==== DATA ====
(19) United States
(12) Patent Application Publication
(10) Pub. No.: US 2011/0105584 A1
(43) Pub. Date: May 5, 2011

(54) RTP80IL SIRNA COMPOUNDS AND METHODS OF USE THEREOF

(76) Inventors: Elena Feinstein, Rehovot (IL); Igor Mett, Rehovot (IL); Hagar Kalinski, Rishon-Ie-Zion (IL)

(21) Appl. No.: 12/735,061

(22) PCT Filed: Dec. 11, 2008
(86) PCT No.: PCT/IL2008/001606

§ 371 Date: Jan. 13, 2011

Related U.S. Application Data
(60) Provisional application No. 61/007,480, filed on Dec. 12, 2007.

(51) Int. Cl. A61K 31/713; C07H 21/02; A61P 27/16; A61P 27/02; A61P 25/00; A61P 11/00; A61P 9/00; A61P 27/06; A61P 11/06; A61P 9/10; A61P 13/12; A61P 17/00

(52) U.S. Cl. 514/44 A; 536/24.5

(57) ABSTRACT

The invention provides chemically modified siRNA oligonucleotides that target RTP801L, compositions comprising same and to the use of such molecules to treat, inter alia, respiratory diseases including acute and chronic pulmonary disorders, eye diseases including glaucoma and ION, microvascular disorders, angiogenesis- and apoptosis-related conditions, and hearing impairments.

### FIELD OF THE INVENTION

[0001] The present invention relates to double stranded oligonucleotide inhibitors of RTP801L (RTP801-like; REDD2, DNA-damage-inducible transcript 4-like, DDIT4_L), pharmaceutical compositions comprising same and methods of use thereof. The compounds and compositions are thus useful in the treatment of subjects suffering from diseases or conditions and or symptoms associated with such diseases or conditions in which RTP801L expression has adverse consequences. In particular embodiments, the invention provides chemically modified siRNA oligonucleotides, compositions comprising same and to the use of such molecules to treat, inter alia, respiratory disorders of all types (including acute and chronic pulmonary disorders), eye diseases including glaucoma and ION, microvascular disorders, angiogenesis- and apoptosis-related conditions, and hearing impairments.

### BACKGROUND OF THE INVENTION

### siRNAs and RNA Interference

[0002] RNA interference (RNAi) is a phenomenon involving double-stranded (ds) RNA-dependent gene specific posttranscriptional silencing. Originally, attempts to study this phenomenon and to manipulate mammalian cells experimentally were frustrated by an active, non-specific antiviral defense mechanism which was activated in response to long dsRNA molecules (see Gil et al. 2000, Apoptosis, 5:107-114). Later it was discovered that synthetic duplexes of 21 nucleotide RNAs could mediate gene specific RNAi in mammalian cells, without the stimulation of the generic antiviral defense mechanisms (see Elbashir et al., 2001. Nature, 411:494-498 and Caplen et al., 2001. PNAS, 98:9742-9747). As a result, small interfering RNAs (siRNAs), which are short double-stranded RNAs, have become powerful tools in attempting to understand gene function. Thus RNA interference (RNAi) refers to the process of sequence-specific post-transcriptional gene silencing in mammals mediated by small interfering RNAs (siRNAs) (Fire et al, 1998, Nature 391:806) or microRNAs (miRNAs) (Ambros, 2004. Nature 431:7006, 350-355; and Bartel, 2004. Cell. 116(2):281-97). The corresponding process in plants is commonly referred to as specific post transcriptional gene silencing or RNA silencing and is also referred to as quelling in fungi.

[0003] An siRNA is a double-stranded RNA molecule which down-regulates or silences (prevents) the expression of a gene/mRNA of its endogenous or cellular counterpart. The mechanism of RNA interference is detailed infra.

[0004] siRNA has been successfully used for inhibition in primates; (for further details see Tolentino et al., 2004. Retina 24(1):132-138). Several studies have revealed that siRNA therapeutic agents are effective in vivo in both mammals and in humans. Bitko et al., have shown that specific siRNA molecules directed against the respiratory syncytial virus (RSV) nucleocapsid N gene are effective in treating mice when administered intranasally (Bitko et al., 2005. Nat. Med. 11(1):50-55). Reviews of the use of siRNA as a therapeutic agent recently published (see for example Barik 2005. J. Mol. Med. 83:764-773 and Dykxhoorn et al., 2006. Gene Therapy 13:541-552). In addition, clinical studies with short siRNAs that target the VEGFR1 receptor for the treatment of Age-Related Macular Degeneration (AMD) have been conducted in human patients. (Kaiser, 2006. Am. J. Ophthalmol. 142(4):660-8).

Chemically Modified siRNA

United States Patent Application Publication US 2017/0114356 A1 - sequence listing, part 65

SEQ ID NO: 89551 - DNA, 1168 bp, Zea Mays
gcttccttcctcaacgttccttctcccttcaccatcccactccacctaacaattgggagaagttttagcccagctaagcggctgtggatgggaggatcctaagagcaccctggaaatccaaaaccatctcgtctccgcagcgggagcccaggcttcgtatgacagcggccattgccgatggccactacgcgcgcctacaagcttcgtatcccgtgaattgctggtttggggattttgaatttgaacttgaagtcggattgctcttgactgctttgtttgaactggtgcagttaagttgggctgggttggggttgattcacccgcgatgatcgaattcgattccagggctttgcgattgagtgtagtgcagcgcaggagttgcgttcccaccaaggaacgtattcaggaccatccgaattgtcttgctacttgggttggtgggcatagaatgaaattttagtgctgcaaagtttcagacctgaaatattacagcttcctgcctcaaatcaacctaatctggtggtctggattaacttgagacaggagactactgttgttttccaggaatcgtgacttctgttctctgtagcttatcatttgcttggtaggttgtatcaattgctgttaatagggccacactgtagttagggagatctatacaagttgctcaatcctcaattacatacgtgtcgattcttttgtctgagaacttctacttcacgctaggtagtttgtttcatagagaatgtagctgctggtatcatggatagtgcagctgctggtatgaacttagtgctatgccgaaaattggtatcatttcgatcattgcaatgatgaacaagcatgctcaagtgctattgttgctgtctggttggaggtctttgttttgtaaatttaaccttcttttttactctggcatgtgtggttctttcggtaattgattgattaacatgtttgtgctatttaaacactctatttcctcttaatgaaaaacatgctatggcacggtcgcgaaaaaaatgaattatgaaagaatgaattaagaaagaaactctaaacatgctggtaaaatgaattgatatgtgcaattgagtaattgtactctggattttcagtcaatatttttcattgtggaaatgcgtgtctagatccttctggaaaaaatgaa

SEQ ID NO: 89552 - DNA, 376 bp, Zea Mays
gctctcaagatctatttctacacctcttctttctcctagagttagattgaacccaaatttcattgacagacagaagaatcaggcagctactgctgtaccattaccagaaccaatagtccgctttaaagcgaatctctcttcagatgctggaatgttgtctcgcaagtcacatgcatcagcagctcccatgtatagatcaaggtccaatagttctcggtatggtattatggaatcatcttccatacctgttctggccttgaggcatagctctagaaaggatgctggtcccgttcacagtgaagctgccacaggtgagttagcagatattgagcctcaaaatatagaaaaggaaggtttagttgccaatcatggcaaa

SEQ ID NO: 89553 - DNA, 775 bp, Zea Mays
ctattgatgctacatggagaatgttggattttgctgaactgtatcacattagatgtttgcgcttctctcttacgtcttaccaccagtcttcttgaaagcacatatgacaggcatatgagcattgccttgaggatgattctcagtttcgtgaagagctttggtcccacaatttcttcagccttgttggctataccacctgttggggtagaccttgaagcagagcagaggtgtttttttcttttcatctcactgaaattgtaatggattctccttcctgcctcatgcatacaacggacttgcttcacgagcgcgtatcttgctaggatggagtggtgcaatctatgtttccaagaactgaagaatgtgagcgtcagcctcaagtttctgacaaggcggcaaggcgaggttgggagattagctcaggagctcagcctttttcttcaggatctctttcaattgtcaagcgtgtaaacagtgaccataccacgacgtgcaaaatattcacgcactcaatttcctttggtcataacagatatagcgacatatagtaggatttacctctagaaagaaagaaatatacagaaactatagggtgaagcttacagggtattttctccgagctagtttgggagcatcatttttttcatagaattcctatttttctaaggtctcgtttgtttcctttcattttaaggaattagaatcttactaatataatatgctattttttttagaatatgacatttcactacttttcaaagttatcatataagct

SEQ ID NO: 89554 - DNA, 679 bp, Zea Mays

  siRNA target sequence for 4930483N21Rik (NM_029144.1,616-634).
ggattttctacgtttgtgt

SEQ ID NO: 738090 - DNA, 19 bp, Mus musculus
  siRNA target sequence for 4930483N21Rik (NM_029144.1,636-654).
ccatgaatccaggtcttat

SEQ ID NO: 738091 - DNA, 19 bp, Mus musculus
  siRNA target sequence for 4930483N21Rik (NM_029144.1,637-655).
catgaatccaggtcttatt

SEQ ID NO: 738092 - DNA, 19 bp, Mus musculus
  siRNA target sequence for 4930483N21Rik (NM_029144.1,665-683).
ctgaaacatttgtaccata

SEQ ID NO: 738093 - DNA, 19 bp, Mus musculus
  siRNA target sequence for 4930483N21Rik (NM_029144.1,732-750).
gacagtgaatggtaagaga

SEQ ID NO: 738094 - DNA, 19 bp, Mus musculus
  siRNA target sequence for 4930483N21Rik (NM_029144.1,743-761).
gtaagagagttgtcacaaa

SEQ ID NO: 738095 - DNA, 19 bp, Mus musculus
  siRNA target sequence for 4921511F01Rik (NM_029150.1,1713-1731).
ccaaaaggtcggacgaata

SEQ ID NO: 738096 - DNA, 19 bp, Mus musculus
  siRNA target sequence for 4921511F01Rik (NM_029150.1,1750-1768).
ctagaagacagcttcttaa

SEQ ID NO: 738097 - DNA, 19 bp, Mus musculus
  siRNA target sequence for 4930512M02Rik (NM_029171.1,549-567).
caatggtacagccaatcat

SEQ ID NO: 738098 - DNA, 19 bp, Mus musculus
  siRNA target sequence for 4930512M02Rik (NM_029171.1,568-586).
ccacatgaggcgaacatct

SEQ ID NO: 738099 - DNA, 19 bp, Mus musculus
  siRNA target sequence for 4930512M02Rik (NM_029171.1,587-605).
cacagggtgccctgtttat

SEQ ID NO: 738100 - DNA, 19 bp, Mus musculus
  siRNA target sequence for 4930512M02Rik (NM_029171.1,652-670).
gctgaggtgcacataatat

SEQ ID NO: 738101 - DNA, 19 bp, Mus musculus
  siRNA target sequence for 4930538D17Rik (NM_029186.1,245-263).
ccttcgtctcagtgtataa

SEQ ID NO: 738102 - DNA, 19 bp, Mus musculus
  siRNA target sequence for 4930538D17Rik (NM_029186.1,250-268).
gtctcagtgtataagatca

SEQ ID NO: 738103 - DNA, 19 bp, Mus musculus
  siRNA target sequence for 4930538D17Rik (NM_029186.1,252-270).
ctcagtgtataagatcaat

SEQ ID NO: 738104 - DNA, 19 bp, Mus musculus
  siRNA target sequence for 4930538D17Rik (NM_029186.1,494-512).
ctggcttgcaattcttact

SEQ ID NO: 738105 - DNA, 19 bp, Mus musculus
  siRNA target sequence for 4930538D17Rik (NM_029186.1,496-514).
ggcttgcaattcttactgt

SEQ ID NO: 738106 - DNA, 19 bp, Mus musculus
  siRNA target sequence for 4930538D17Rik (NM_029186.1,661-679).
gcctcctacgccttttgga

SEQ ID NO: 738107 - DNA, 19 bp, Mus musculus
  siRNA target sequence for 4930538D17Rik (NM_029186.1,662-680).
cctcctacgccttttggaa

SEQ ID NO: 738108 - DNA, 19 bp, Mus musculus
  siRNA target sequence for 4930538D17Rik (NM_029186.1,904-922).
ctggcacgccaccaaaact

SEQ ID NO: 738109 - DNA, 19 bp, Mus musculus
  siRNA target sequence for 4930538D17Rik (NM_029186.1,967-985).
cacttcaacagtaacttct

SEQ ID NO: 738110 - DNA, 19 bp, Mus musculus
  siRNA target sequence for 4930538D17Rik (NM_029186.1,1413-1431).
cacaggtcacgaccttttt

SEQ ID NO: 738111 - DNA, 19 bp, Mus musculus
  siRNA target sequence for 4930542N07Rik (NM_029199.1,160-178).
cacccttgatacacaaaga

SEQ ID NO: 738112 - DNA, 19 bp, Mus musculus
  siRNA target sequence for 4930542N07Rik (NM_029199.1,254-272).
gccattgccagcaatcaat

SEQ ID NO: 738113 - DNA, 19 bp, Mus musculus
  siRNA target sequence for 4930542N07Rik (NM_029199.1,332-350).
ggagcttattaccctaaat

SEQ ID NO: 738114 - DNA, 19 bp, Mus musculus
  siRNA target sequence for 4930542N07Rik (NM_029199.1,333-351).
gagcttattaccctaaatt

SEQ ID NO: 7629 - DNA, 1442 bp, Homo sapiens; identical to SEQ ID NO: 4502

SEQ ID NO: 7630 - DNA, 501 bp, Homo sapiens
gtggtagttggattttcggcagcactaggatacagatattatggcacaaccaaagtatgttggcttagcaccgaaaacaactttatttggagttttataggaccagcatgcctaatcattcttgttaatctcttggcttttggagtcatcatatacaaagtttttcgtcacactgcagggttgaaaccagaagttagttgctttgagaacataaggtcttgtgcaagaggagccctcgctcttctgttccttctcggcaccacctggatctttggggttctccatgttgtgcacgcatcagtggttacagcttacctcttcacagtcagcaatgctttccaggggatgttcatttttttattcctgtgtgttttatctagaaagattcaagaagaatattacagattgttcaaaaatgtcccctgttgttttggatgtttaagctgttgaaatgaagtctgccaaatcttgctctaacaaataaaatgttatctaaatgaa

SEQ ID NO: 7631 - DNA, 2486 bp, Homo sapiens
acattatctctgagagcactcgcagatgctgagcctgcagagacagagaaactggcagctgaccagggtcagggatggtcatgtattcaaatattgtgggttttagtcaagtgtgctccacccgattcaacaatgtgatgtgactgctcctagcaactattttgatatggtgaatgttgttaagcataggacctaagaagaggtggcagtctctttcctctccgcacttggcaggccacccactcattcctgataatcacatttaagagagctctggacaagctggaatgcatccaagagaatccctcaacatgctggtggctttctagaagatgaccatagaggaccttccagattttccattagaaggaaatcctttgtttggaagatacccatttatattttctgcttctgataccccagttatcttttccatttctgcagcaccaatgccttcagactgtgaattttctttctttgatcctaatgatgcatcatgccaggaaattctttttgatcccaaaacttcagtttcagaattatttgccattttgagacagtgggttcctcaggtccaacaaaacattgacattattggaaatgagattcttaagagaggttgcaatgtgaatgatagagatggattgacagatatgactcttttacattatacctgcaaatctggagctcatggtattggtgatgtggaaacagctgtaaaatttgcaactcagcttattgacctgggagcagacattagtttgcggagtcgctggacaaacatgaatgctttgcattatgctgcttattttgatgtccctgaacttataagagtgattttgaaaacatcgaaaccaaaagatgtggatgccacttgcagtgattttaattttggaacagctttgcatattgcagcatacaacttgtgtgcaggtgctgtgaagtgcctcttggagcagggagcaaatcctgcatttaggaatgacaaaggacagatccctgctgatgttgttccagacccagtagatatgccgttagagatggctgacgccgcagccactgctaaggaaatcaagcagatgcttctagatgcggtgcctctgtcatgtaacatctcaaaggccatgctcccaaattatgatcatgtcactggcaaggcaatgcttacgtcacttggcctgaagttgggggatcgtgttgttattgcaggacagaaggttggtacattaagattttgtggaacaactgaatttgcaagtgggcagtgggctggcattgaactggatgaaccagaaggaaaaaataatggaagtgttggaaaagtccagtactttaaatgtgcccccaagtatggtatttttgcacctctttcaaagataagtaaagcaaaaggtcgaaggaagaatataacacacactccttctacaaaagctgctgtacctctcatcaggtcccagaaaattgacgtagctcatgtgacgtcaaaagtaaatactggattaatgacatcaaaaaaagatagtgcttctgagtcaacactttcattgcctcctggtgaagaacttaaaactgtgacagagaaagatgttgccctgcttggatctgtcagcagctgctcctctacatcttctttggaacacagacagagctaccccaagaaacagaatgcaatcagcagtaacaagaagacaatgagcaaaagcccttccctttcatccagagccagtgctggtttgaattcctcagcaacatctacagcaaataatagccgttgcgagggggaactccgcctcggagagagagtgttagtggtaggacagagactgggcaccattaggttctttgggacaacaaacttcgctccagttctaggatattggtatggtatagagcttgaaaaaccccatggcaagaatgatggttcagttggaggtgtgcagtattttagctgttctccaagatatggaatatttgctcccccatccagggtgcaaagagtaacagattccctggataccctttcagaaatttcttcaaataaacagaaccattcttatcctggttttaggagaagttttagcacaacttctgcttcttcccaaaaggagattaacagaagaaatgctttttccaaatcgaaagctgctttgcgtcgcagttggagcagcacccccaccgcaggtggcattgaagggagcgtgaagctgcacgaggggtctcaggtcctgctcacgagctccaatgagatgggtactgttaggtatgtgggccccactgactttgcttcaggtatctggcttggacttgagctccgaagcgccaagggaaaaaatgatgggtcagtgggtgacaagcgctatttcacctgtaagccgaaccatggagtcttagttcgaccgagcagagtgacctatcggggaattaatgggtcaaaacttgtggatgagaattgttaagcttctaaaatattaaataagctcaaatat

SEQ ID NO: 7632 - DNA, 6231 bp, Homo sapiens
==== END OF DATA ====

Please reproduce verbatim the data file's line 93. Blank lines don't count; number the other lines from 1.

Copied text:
  siRNA target sequence for 4930538D17Rik (NM_029186.1,967-985).